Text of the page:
DJ Mary Anne Hobbs of BBC Radio 1 Visits Tempe Tonight For UK Thursdays

Then Eyjafjallajökull in Iceland decided to erupt and everything went to Hell.

Much like Frightened Rabbit and other UK-based performers, Hobbs had to postpone grabbing any jet planes back to her native Britain. So instead of spending three weeks at home before returning to the US for her most recent tour, the 45-year-old suddenly had nothing but time to kill.

There's been a silver lining to the dark clouds of poisonous volcanic gas, however, her extended holiday has allowed her more gigs in cities across North America (including presenting special broadcasts of her BBC show along with LA dubstep DJ crew Low End Theory).

Here's the kicker: The 45-year-old also experienced another dramatic spat in the not-so-friendly skies while flying into LA earlier this week. Thanks to a computer crash coupled with a fuel shortage, the flight was forced to make an emergency landing in Las Vegas. Yikes.

Its not going to stop her from boarding a plane to Phoenix for her gig tonight at Cherry Lounge in Tempe, where Hobbs will guest star in this week's edition of UK Thursdays. Given her status as one of the world's premier tastemakers of EDM (as well as a longtime proponent and champion of such bass-heavy genres as dubstep and grime), Hobbs is a natural fit for the event and will spend tonight weaving a thumping mix of music alongside such local dubstep aficionados as HavokNDeed.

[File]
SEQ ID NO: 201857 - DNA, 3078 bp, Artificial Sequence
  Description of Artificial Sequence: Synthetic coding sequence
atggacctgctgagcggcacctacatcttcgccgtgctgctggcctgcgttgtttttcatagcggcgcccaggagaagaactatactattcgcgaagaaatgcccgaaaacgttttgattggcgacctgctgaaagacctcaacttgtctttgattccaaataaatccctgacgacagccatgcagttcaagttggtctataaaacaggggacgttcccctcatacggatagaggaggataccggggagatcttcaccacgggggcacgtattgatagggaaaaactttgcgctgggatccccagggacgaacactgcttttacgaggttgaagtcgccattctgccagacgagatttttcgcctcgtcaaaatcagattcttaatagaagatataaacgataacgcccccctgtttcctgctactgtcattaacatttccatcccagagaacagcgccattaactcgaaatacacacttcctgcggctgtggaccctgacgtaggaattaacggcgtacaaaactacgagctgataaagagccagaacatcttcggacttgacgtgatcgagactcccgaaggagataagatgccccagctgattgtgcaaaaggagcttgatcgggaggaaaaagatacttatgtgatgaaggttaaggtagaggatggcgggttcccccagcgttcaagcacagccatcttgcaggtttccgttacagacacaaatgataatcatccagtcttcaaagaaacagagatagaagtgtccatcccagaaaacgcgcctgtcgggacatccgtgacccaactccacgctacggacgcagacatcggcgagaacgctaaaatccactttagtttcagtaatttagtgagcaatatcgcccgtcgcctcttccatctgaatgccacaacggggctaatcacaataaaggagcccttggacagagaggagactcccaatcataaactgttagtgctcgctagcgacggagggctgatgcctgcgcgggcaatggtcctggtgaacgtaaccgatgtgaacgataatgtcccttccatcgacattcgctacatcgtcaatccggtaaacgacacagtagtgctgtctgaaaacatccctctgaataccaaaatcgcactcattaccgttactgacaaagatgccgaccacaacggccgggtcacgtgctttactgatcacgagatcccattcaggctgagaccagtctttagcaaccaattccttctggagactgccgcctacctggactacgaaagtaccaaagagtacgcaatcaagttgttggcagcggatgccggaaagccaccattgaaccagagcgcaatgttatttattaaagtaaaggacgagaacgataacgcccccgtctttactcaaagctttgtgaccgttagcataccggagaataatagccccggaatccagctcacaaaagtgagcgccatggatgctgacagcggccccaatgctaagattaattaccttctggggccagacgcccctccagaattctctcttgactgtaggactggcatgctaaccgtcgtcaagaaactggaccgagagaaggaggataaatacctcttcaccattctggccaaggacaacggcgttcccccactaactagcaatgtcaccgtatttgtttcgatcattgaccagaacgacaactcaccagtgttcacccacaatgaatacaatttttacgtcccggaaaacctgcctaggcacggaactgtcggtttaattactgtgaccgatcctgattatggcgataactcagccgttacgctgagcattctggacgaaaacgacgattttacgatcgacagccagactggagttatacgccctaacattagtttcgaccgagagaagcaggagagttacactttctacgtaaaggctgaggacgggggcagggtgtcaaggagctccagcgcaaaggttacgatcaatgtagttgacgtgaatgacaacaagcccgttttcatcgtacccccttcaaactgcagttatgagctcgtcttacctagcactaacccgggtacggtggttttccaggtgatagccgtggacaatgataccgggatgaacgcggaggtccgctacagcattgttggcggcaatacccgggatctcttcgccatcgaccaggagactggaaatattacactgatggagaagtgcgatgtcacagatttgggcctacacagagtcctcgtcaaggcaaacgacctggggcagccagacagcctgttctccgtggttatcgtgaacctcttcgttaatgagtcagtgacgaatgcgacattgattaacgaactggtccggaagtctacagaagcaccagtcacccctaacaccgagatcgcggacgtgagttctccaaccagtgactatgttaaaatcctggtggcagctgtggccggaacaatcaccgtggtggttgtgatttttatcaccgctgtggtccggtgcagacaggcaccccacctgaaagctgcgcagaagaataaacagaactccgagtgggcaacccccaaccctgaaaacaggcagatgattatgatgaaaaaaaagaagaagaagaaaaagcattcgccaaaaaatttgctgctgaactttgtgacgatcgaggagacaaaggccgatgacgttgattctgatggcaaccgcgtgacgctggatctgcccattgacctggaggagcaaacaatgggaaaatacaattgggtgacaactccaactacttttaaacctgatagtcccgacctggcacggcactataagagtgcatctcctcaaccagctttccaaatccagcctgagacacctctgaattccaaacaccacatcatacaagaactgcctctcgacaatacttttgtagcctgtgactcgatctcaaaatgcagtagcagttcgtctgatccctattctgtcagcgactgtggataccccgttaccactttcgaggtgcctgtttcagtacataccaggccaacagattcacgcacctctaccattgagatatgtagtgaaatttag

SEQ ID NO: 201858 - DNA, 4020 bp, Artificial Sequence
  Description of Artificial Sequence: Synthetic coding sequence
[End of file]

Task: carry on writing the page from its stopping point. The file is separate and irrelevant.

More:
Phoenix New Times spoke with her earlier this week via telephone about her recent experiences, which you can read about about after the jump.

New Times:I imagine you're not a big fan of Icelandic volcanoes right now.

Mary Anne Hobbs: Actually, I feel very blessed that the volcano went off in the way that it did, because it allowed me a month in this glorious country. I'm probably the luckiest refugee in the world right now. The only slightly tricky bit was the fact that obviously I had thought I was coming in and out of America only for about a day and half to play at Coachella, and then return to the UK for three weeks before this US tour began. So I literally only packed a pair of socks and an iPhone. Now, after four weeks I can't remember all the the times I've moved from various different motels, and people's floors, and tents. It's just been absolutely relentless.

NT: But there's been a bright side to all the hardship, hasn't there?

MAH: It's certainly been an absolutely memorable experience being refugeed over here. I've gotten to play a huge number of extra shows that I wouldn't have done ordinarily and got to visit some cities for the very first that I've never done before. I got to broadcast two Radio 1 shows out of Los Angeles. I did the "Volcano Refugee Party" with Flying Lotus and all his Brainfeeder crew. Then, last week a "City of Angels" special with Matthew David and Daddy Kev and the Low End Theory boys. It's been a pretty special time, just trying to make the most out of an international travel crisis, really, and turn it into something really positive.